Since the early 1970s Americans have gradually outworked their European counterparts so much, that today GDP per capita is 30% higher in the U.S. And, hours worked explains just about all of that gap. They write:
...we argue that workers view working hours as an investment as well as a source of current income. By working longer hours, they acquire greater skills, get promoted more frequently or switch to better jobs. The greater the expected career gains, the greater the incentive to work longer hours. ...Europeans and Americans...face different incentives during their working lives.
And what explains the different incentives? It's--Paul Krugman, call your office--our old friend, income inequality:
Individuals work longer hours when wage inequality is higher. ...for the U.S. and in...Germany, there is evidence that individuals work longer hours in occupations with larger wage inequality.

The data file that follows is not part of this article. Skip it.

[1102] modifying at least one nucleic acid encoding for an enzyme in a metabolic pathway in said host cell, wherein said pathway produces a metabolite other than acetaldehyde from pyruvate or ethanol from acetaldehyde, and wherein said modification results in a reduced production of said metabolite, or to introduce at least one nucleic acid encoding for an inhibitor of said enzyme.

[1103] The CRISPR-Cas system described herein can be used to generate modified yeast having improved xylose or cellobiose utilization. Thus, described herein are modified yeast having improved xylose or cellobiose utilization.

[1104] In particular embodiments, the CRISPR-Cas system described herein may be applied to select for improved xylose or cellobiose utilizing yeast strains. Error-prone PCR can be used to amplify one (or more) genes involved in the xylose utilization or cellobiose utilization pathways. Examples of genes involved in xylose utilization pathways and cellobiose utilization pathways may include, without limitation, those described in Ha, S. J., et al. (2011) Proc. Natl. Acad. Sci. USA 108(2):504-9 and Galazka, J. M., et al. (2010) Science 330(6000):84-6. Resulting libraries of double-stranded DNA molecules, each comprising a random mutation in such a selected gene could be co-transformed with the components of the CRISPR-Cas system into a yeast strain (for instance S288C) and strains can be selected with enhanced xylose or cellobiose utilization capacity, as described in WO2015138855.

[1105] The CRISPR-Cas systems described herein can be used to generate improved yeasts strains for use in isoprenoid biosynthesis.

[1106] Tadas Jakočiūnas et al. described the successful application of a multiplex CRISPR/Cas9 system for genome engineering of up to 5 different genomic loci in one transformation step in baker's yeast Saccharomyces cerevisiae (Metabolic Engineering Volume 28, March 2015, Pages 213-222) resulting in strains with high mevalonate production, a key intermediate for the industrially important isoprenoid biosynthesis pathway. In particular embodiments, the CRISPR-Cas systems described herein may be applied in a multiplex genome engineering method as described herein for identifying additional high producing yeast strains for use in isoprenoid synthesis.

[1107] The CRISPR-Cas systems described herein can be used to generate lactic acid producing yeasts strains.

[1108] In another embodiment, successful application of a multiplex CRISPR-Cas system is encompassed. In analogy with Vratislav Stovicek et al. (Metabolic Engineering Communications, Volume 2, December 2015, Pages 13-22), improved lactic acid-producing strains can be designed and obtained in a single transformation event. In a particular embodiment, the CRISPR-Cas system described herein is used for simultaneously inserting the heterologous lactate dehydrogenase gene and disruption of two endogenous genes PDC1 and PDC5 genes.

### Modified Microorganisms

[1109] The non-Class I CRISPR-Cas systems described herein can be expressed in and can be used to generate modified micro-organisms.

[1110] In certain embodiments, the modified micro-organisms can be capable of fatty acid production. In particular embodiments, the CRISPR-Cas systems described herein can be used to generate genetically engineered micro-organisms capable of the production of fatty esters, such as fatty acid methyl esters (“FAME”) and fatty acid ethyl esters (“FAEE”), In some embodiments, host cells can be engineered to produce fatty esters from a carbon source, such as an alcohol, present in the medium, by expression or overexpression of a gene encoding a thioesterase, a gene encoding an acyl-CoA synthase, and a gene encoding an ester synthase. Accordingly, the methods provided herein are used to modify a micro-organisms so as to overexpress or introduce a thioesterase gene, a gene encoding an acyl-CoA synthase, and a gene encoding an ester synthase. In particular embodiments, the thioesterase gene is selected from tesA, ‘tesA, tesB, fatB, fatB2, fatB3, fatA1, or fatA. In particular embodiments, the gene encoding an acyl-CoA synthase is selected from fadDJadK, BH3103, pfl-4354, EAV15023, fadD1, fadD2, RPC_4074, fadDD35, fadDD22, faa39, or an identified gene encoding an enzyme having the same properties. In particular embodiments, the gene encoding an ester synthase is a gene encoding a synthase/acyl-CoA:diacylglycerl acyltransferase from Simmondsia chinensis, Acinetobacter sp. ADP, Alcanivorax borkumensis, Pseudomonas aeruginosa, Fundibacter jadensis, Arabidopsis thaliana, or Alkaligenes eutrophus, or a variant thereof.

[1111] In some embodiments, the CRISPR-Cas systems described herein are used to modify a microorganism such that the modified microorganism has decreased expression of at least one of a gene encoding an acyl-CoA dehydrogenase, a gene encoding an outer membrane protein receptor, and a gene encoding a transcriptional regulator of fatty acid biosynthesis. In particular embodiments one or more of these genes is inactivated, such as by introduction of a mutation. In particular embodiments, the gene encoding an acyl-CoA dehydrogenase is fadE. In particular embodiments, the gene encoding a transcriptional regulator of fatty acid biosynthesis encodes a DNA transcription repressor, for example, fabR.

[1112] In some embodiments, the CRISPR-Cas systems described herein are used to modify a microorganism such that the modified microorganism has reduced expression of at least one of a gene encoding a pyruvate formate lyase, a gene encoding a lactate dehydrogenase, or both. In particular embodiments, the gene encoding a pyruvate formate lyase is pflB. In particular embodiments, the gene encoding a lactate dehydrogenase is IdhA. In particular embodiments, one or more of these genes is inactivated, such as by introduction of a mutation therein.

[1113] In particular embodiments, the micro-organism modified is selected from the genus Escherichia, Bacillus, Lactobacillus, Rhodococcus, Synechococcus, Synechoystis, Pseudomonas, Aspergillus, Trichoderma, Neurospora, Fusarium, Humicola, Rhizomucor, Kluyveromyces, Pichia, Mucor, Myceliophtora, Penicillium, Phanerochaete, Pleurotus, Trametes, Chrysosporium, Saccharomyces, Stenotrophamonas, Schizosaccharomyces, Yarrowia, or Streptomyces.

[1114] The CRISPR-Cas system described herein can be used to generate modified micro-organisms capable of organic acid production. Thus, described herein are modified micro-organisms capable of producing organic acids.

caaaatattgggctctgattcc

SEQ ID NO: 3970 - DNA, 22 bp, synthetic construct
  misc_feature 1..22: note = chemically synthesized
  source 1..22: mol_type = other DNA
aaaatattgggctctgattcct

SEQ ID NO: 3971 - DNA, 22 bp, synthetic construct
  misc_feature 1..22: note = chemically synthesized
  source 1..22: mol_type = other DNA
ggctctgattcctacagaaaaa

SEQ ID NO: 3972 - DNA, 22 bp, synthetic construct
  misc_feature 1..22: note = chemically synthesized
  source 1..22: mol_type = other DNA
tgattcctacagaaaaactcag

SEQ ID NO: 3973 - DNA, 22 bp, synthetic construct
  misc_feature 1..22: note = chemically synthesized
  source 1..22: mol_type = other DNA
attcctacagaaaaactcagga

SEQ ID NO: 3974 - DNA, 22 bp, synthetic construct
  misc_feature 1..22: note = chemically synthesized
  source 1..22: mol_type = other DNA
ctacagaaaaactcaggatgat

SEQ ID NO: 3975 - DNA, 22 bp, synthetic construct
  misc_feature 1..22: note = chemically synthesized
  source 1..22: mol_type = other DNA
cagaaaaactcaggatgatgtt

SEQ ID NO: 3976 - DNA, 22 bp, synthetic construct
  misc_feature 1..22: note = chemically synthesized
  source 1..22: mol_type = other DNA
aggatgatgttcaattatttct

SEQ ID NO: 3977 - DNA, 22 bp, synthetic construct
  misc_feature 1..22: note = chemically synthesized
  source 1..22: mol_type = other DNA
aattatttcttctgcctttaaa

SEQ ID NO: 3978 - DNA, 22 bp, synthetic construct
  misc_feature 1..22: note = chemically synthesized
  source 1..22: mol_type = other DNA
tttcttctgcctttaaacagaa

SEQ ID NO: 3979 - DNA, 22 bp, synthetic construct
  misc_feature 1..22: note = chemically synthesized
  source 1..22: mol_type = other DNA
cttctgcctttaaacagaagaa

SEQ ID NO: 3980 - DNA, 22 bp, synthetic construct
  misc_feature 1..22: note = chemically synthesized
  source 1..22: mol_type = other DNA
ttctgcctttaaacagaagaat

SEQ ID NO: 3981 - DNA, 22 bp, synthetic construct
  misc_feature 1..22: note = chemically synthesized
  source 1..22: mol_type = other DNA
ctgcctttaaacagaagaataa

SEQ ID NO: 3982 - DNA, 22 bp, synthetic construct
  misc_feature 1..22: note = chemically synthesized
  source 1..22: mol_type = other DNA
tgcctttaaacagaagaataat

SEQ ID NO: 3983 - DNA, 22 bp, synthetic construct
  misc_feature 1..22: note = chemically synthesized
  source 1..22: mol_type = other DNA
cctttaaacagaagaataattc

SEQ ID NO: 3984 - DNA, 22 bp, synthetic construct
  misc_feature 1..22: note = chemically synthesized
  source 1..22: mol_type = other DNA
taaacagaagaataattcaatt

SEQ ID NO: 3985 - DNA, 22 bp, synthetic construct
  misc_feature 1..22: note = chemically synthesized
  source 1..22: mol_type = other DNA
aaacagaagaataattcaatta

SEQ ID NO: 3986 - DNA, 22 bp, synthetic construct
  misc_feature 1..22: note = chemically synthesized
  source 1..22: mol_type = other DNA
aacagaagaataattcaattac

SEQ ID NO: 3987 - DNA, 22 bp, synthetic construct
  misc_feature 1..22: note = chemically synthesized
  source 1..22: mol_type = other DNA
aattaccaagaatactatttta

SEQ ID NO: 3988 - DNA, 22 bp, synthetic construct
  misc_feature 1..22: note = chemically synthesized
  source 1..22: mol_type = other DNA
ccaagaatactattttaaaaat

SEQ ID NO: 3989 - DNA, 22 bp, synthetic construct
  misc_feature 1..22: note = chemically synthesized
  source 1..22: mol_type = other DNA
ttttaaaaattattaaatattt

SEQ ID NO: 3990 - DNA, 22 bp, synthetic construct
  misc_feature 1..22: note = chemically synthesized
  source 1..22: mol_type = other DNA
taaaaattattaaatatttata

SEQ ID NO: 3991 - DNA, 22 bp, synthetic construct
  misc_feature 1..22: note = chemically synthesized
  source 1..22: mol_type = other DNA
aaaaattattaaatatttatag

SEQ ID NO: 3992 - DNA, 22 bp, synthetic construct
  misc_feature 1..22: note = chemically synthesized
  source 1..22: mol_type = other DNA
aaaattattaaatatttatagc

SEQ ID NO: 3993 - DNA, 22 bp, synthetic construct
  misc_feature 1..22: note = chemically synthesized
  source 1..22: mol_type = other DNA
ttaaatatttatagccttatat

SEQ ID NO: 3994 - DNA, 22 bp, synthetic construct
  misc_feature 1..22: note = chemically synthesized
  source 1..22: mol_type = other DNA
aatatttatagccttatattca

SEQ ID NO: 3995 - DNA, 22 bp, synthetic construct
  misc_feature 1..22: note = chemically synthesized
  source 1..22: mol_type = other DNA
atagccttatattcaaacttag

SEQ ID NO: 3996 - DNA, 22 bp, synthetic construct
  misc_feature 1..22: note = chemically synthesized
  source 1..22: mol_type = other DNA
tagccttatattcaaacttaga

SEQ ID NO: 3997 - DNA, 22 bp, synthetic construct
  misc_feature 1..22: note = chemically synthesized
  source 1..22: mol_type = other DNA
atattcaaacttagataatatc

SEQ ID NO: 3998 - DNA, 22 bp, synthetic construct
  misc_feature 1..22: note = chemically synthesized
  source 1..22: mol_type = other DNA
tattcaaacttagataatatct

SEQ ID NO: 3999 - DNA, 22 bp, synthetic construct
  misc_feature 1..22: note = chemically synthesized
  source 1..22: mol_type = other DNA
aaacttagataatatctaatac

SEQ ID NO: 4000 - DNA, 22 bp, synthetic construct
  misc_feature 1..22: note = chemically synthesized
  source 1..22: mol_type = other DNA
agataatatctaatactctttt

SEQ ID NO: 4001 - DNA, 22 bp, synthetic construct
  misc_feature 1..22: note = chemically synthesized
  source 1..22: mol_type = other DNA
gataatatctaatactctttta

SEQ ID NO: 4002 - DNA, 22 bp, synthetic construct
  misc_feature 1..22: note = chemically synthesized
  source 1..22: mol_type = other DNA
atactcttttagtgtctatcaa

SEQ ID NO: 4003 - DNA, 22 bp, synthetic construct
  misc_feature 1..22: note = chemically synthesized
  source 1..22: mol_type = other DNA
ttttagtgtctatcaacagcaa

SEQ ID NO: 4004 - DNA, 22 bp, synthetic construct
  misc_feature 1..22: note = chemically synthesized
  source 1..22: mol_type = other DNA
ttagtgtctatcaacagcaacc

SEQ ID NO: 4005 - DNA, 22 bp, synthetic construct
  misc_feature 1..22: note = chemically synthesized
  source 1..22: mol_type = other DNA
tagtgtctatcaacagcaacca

But, income inequality has increased little in Germany in the last 35 years. Not so, the U.S.
The fraction of prime age male workers working very long hours has increased substantially in the US. ...this is a side effect of the higher inter-temporal return to hours worked caused by the increase in wage inequality.